Investing in Precious Metals

Gold and silver are referred to as precious metals because they have a high value per unit weight. This might seem self-evident. But why are they valued so highly, and does that mean they are a good investment for you?

This subject can be more fraught with differing opinions than one might think. Different people have different thoughts on the subject. To modern enthusiasts it is practically an article of faith that gold has intrinsic value. Governments come and go, the argument goes, but gold endures as a store of value. It always has been and always will be.

In this vein of thinking, every society is run by some sort of elites, whether they be called priests, kings, oligarchs or corporate CEOs. Periodic revolutions change this temporarily, but some favored group eventually emerges to take over. That cycle has been repeated endlessly for the last 5,000 years, that we know of, and that’s just since the invention of writing. Whatever kind of elites are in place, they always want to distinguish themselves from the 99%. Gold ornamentation is one important way to do that, since gold is beautiful, durable, doesn’t tarnish and is relatively rare. In fact, it is true that about a third of the gold mined becomes jewelry.

And of course, gold has been used as money for largely the same reasons. To this day, most governments hold large stores of gold, although the value of their money is no longer based on it. With that kind of demand assured in perpetuity, you can’t go wrong with gold. Right?

Well, at the other end of the spectrum are people who don’t get why gold should be endowed with the almost mystical powers that the gold bugs assume. Yes, it is useful as an industrial metal and as material for jewelry, they would say. However, the question they ask is, what separates it from any other durable commodity? At the far end of that line of thinking would be the economist John Maynard Keynes and his disciples (which include a large percentage of modern economists), who regarded gold as a barbarous relic. They believed governments to be the proper controllers of money, and that those governments should not be constrained by something so inconvenient as the limited supply of gold. Without its status as money, gold is just a bauble and nothing to get excited about or to treasure, they’d say. These days, cryptocurrencies add another dimension to the subject, creating yet another possible source of gold’s obsolescence as money.

Who is right? Might as well ask which religion is right. There is no resolution of the question likely, and no one’s mind is likely to change.

In the meantime (which is forever), gold is an asset that does have a high and widely fluctuating value. What makes it worthy of consideration as an investment, even for someone who doesn’t treasure it, is that these fluctuations are not in synch with the fluctuations in other investment assets. Dividing up your money between different asset classes is a way to protect your overall net worth from catastrophes in any one market.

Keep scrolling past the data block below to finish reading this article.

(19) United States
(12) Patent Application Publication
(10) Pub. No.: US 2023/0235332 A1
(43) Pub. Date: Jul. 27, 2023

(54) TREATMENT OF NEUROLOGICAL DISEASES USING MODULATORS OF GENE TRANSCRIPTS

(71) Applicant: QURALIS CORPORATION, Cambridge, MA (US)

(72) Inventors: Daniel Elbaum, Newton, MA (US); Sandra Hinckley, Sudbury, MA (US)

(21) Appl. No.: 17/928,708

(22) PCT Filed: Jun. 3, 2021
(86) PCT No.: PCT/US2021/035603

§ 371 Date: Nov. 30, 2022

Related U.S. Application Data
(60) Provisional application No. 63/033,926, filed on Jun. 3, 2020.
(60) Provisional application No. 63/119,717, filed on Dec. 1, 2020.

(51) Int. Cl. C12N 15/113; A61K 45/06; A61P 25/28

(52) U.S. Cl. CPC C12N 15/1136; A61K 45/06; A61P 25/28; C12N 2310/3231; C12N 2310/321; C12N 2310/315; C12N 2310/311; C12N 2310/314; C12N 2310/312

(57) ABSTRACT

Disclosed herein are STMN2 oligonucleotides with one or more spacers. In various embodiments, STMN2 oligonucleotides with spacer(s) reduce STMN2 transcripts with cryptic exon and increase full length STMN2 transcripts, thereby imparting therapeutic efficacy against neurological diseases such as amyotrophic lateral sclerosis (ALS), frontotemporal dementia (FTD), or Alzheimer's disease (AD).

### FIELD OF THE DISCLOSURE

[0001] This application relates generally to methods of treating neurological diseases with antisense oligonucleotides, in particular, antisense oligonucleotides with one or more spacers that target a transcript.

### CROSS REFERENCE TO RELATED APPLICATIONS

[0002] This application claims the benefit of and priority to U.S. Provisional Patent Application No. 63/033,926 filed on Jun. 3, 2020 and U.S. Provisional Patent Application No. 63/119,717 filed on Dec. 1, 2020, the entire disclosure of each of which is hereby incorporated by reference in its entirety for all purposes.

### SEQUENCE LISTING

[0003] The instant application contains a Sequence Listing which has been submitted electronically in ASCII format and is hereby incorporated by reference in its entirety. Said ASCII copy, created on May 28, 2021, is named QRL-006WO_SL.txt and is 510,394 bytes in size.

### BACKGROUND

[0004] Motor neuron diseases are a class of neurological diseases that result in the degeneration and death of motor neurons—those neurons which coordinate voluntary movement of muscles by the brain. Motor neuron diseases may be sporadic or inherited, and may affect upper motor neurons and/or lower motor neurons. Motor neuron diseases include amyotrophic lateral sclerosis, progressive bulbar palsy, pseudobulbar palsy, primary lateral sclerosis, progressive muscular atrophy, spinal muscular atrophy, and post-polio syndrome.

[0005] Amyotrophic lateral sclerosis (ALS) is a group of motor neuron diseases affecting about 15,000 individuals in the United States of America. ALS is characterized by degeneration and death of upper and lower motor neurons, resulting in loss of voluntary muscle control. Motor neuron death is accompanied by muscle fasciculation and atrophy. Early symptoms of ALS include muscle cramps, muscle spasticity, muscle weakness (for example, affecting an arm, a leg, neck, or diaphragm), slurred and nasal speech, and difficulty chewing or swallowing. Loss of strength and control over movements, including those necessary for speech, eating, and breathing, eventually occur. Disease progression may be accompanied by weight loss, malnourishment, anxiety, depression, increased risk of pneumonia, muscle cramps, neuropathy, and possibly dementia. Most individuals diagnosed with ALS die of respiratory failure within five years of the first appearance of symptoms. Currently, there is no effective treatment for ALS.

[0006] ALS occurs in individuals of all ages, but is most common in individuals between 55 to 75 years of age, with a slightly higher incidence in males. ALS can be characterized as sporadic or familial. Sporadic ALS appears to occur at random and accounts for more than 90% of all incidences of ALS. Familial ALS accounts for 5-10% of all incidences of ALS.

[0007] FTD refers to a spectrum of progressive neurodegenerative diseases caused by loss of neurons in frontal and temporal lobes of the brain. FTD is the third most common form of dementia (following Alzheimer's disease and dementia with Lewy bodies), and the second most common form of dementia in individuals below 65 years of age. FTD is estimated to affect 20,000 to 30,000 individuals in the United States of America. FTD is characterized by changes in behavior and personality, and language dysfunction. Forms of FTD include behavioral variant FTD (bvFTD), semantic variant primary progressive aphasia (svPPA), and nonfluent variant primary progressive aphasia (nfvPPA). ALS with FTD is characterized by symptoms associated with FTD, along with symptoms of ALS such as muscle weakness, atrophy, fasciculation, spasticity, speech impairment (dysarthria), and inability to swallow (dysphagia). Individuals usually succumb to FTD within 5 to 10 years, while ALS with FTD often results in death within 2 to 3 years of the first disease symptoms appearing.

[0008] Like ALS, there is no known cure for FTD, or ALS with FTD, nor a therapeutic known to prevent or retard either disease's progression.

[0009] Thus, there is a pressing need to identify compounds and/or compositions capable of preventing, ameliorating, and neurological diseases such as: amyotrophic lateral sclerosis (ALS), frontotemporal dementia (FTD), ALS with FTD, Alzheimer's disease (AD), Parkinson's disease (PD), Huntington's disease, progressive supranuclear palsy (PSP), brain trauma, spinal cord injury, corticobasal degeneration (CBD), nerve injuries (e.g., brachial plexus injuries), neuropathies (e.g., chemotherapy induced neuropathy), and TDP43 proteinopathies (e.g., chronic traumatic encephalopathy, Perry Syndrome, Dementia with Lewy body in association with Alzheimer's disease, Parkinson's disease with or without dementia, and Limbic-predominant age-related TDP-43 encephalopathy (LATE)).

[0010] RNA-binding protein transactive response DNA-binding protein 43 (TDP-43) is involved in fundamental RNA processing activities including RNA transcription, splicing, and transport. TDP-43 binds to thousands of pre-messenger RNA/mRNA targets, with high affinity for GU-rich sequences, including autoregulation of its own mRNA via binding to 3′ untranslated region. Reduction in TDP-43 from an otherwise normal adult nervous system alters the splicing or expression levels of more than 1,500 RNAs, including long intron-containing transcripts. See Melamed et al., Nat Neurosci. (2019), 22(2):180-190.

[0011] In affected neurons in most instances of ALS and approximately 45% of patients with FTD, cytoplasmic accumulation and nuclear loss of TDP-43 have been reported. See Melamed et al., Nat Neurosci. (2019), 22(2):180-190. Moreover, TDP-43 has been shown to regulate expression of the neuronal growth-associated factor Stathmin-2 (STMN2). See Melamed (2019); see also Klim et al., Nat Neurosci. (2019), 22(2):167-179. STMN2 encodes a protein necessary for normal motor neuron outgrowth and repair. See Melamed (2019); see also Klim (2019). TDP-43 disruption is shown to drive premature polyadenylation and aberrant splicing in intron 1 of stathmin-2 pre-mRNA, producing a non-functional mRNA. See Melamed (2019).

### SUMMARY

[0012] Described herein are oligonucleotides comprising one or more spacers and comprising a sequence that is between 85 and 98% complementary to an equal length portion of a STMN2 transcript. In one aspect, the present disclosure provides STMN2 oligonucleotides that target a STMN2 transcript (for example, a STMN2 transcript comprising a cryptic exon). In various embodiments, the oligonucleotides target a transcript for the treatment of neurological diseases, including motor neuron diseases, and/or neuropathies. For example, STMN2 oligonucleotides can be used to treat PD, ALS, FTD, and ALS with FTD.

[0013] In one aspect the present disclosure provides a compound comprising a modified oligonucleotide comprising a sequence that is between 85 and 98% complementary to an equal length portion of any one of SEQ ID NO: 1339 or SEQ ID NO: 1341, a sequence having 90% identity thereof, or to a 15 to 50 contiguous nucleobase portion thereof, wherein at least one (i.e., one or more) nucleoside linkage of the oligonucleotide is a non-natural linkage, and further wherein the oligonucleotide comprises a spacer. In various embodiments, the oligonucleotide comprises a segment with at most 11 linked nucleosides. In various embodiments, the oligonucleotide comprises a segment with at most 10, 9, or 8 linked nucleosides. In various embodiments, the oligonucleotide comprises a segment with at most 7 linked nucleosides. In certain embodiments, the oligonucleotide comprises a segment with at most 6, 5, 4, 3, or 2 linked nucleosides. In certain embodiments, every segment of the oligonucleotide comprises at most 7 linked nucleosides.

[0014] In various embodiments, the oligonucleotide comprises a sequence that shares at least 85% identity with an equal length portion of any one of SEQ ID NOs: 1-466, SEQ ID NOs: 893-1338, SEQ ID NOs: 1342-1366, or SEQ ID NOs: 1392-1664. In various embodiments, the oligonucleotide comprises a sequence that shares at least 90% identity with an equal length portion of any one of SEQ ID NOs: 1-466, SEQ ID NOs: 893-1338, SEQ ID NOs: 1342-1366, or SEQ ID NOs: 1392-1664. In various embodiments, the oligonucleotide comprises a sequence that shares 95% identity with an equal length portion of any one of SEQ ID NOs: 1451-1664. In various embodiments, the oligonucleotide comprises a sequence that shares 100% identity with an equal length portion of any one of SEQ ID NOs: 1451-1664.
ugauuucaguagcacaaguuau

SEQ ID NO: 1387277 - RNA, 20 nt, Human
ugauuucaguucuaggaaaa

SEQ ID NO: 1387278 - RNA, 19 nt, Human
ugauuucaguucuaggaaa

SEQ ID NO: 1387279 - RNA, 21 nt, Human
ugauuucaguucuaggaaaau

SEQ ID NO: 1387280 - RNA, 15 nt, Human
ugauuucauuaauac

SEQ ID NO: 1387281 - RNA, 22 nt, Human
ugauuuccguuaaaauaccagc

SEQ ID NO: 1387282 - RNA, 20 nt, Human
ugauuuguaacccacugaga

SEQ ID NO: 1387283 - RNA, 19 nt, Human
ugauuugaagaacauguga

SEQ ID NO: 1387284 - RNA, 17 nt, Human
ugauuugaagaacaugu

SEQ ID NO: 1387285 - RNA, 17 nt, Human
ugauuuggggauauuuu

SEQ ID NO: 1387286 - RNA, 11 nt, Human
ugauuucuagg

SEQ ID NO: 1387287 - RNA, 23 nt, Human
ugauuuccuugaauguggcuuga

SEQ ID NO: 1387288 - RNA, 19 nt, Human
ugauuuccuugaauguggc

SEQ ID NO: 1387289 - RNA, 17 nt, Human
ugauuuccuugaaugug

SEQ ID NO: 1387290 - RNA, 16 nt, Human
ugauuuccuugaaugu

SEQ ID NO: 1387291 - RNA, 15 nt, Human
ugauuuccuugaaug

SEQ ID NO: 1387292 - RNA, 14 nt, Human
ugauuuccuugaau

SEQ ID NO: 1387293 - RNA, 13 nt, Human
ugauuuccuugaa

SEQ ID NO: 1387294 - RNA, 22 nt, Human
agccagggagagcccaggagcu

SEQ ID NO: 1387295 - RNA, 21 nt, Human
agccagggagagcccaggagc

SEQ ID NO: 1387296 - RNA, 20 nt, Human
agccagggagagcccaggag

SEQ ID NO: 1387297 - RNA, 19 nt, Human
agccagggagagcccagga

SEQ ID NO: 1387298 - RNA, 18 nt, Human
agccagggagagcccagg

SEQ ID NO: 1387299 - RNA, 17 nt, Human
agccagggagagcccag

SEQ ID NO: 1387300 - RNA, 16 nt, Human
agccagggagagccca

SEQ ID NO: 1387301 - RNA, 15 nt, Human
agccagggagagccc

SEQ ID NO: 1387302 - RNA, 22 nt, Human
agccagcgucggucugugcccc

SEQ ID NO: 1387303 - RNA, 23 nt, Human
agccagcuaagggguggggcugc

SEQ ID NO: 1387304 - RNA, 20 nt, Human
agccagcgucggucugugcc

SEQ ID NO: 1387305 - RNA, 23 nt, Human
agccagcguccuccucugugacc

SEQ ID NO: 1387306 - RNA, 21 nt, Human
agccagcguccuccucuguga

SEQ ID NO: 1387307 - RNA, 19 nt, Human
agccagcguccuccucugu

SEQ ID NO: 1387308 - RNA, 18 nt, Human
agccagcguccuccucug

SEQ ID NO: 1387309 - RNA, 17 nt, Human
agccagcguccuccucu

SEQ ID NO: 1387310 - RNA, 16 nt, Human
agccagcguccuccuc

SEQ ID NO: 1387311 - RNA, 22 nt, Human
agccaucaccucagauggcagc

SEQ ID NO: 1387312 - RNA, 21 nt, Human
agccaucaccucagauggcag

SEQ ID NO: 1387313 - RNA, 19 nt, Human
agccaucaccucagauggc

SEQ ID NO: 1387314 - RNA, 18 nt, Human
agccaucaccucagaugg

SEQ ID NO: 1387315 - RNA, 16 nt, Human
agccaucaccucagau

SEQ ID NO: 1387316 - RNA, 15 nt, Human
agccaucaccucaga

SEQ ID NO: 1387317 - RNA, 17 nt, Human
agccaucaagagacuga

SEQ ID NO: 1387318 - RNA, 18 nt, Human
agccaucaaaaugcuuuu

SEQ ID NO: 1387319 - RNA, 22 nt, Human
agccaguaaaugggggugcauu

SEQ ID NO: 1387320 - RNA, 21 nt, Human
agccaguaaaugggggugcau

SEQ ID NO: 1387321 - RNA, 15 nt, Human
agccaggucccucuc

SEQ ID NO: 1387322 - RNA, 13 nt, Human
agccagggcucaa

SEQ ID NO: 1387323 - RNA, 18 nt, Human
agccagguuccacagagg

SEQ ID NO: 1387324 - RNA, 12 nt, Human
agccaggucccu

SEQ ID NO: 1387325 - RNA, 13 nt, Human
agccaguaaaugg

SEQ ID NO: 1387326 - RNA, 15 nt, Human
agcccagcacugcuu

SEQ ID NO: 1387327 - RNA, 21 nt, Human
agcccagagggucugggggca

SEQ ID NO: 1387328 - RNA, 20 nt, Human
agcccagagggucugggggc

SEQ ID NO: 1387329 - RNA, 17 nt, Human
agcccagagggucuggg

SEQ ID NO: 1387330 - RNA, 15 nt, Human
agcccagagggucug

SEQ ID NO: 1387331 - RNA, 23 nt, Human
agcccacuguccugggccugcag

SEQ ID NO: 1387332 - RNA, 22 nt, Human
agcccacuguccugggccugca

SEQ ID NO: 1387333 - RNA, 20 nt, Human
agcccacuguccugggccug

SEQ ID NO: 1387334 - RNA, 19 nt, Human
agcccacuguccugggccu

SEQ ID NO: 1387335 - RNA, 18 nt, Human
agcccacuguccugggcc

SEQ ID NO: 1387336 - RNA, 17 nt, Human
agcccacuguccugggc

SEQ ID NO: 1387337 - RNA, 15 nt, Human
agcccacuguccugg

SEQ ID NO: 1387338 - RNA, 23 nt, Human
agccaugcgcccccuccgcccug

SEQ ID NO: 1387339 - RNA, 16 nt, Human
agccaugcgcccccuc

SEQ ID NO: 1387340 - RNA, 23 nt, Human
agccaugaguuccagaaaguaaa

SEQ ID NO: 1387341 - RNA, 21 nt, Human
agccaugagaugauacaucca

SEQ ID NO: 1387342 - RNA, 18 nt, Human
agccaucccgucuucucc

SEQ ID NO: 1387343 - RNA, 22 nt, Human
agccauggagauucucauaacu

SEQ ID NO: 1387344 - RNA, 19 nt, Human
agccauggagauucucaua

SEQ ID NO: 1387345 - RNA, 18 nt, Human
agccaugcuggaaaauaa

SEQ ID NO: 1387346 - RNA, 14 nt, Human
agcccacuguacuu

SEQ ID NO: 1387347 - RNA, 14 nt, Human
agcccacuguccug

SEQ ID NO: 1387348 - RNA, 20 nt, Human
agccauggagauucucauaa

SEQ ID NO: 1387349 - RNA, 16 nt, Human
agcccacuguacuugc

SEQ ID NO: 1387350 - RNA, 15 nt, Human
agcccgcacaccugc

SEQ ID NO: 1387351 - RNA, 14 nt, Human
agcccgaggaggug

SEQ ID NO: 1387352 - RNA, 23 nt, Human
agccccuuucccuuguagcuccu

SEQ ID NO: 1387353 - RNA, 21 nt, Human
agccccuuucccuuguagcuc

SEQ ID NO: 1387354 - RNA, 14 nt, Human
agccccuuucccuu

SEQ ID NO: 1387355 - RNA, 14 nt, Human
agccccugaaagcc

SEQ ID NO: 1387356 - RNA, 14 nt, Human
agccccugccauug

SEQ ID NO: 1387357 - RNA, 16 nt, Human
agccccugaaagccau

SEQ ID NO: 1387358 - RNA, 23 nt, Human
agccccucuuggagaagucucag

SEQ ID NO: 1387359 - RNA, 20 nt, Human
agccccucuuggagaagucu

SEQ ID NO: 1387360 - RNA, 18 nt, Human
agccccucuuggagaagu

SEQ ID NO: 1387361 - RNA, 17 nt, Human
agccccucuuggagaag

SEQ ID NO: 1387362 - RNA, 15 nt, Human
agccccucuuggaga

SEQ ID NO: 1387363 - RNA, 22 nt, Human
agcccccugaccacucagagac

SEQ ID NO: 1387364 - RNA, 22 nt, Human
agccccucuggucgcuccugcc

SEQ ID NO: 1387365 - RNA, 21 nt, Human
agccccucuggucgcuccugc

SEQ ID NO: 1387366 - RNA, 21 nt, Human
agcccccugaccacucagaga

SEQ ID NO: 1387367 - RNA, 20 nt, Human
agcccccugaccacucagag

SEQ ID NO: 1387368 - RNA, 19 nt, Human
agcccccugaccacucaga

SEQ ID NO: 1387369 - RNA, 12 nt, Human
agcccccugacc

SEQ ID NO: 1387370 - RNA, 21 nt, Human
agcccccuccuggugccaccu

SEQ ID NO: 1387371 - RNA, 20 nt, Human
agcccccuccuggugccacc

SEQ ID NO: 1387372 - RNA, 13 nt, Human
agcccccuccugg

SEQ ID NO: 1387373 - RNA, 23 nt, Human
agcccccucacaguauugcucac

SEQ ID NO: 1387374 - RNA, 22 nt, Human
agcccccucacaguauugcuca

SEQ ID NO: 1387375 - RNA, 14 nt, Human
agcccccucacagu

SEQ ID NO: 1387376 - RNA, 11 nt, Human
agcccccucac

Below is a chart that illustrates why that is important:


In the above chart, three exchange-traded funds are shown. The one representing gold is the light green line. The red line is the ETF for Standard & Poor’s 500 index (the stock market). The blue line is the ETF for long-term U.S. Treasury bonds.

Over the 14-year period shown, gold and the stock market ended up having about the same total return – about 184% vs 190%. Treasuries returned a cumulative 115%, a bit less than stocks or gold.

But the routes through which these cumulative returns were arrived at were very different. Gold came in at just about a tie with stocks over the fourteen years. But that includes a five-year period (2011-2016) when gold dropped 50%. Stocks had their own 50% drop too. That was in 2008-9. In both these cases (and many others going back to the 1970s) the prices of these assets went in opposite directions.

And that difference in timing is the point. There was rarely a time when all three of these assets were dropping simultaneously. The virtue of gold as an investment is precisely that its price cycles don’t line up with the stock market’s, or the bond market’s, or for that matter the real estate market’s. That is likely to remain true no matter what anyone believes about the reason for gold’s value.

The gold market, as well as all of the rest of these markets, can and will crash from time to time. But most likely not at the same time. And that makes gold an investment worth considering for anyone, as part of a diversified portfolio.

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